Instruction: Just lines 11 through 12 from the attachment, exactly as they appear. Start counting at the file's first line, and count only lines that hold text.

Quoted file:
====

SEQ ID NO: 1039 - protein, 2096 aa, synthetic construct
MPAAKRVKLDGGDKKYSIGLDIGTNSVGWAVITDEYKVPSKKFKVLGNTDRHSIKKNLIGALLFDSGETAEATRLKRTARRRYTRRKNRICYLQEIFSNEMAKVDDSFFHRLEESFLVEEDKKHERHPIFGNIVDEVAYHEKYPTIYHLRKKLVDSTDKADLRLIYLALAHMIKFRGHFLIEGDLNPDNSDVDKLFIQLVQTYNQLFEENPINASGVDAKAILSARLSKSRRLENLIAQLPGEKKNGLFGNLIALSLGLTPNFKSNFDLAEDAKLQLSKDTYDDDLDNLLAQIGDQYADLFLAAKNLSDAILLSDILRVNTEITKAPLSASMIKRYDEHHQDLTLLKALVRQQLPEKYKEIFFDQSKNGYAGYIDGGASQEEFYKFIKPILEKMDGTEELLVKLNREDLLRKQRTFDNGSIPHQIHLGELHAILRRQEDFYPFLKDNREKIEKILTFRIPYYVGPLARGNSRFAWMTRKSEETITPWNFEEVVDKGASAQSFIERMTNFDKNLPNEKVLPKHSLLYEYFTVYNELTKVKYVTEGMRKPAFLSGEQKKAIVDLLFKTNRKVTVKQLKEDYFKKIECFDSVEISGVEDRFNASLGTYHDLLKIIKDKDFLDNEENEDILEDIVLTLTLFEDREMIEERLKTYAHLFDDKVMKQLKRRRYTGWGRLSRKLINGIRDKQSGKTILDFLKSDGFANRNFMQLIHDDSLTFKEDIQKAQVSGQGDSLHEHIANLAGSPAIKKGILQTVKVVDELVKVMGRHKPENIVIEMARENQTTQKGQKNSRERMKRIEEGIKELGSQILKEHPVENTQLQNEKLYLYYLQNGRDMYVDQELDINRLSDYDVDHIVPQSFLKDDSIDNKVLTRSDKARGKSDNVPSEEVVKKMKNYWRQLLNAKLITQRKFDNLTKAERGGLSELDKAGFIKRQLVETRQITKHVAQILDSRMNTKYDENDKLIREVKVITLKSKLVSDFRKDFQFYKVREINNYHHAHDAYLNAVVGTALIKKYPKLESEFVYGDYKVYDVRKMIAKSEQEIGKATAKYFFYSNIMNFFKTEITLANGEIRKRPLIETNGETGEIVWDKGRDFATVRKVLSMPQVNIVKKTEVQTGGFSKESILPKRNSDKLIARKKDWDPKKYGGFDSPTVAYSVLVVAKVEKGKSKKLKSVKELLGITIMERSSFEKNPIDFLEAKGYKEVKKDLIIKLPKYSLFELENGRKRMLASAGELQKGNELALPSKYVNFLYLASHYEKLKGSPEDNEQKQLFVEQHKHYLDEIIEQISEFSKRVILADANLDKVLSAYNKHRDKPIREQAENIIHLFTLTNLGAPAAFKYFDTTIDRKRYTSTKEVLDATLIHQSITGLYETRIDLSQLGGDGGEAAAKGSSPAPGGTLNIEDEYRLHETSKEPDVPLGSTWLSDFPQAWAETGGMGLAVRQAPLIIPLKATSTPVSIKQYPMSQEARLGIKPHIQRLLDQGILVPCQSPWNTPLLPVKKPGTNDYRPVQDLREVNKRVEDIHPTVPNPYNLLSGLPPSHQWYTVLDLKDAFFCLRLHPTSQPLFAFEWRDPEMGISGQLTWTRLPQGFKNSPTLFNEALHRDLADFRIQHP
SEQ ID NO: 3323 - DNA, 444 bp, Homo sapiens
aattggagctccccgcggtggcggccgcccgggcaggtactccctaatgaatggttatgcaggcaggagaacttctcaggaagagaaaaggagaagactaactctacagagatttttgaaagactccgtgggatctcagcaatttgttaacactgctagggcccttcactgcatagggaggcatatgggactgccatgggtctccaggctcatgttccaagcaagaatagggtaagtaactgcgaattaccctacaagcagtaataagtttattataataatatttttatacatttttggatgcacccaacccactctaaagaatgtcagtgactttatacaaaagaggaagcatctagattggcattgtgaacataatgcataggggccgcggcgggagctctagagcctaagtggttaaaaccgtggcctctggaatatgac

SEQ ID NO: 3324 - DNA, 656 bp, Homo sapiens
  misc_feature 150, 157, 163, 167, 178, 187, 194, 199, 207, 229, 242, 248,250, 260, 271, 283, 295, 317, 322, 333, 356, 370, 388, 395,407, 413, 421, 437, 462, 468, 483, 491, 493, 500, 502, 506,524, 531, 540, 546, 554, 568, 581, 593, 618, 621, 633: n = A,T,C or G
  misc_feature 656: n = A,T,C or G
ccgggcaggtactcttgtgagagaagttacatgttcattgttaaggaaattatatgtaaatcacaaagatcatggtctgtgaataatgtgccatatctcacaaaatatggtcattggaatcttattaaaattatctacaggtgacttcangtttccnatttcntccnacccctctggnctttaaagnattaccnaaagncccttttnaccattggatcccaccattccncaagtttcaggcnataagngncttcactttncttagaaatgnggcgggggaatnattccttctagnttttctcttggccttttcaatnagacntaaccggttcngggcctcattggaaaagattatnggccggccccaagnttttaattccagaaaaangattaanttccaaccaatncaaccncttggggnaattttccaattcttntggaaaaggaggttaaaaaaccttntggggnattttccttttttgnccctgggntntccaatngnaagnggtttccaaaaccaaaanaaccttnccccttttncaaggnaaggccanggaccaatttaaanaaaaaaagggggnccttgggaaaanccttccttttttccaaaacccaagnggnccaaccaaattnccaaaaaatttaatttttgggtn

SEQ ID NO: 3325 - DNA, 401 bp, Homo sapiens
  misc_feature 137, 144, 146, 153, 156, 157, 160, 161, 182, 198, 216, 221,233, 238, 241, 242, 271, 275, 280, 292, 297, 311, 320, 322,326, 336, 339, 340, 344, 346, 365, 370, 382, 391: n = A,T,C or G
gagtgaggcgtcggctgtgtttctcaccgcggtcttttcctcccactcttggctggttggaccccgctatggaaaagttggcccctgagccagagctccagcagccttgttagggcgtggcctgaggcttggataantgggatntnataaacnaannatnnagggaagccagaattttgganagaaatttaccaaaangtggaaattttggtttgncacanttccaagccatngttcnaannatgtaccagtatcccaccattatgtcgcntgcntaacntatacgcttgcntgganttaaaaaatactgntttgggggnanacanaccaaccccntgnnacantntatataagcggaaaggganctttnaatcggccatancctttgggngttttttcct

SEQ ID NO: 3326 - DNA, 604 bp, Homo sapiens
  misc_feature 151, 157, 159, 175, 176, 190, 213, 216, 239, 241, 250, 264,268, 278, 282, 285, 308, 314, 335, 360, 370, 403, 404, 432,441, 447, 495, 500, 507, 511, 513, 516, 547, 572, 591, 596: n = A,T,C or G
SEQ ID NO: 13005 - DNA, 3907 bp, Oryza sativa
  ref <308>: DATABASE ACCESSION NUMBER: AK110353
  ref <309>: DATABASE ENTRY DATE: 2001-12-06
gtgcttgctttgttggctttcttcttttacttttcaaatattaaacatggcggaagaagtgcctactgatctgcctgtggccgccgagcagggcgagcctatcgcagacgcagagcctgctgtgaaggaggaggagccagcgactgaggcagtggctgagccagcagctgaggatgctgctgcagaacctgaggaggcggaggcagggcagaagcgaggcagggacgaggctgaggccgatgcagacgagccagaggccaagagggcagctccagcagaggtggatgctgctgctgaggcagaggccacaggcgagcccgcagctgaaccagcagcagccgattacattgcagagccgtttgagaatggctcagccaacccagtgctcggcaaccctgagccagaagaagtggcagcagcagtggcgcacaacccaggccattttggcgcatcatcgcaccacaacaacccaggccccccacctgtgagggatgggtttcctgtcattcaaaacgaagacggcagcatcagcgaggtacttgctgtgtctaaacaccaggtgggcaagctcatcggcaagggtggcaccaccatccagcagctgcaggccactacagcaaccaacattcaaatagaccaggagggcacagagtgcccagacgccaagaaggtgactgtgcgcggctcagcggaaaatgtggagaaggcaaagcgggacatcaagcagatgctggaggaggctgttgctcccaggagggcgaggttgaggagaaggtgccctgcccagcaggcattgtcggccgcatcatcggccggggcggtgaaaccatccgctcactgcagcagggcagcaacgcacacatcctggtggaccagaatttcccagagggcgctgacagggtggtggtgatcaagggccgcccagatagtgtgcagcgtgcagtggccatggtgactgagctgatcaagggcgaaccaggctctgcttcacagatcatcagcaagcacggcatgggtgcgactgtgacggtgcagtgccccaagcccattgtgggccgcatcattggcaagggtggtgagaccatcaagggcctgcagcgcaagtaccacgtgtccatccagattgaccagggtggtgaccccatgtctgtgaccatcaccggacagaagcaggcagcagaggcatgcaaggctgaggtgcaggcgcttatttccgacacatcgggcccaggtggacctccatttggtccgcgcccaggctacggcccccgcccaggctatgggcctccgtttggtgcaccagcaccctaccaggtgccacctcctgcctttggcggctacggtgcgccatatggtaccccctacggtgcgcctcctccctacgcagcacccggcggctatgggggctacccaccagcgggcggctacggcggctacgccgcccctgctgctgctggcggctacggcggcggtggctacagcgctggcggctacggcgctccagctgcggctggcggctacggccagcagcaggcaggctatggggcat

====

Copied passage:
gagtgaggcgtcggctgtgtttctcaccgcggtcttttcctcccactcttggctggttggaccccgctatggaaaagttggcccctgagccagagctccagcagccttgttagggcgtggcctgaggcttggataantgggatntnataaacnaannatnnagggaagccagaattttgganagaaatttaccaaaangtggaaattttggtttgncacanttccaagccatngttcnaannatgtaccagtatcccaccattatgtcgcntgcntaacntatacgcttgcntgganttaaaaaatactgntttgggggnanacanaccaaccccntgnnacantntatataagcggaaaggganctttnaatcggccatancctttgggngttttttcct

SEQ ID NO: 3326 - DNA, 604 bp, Homo sapiens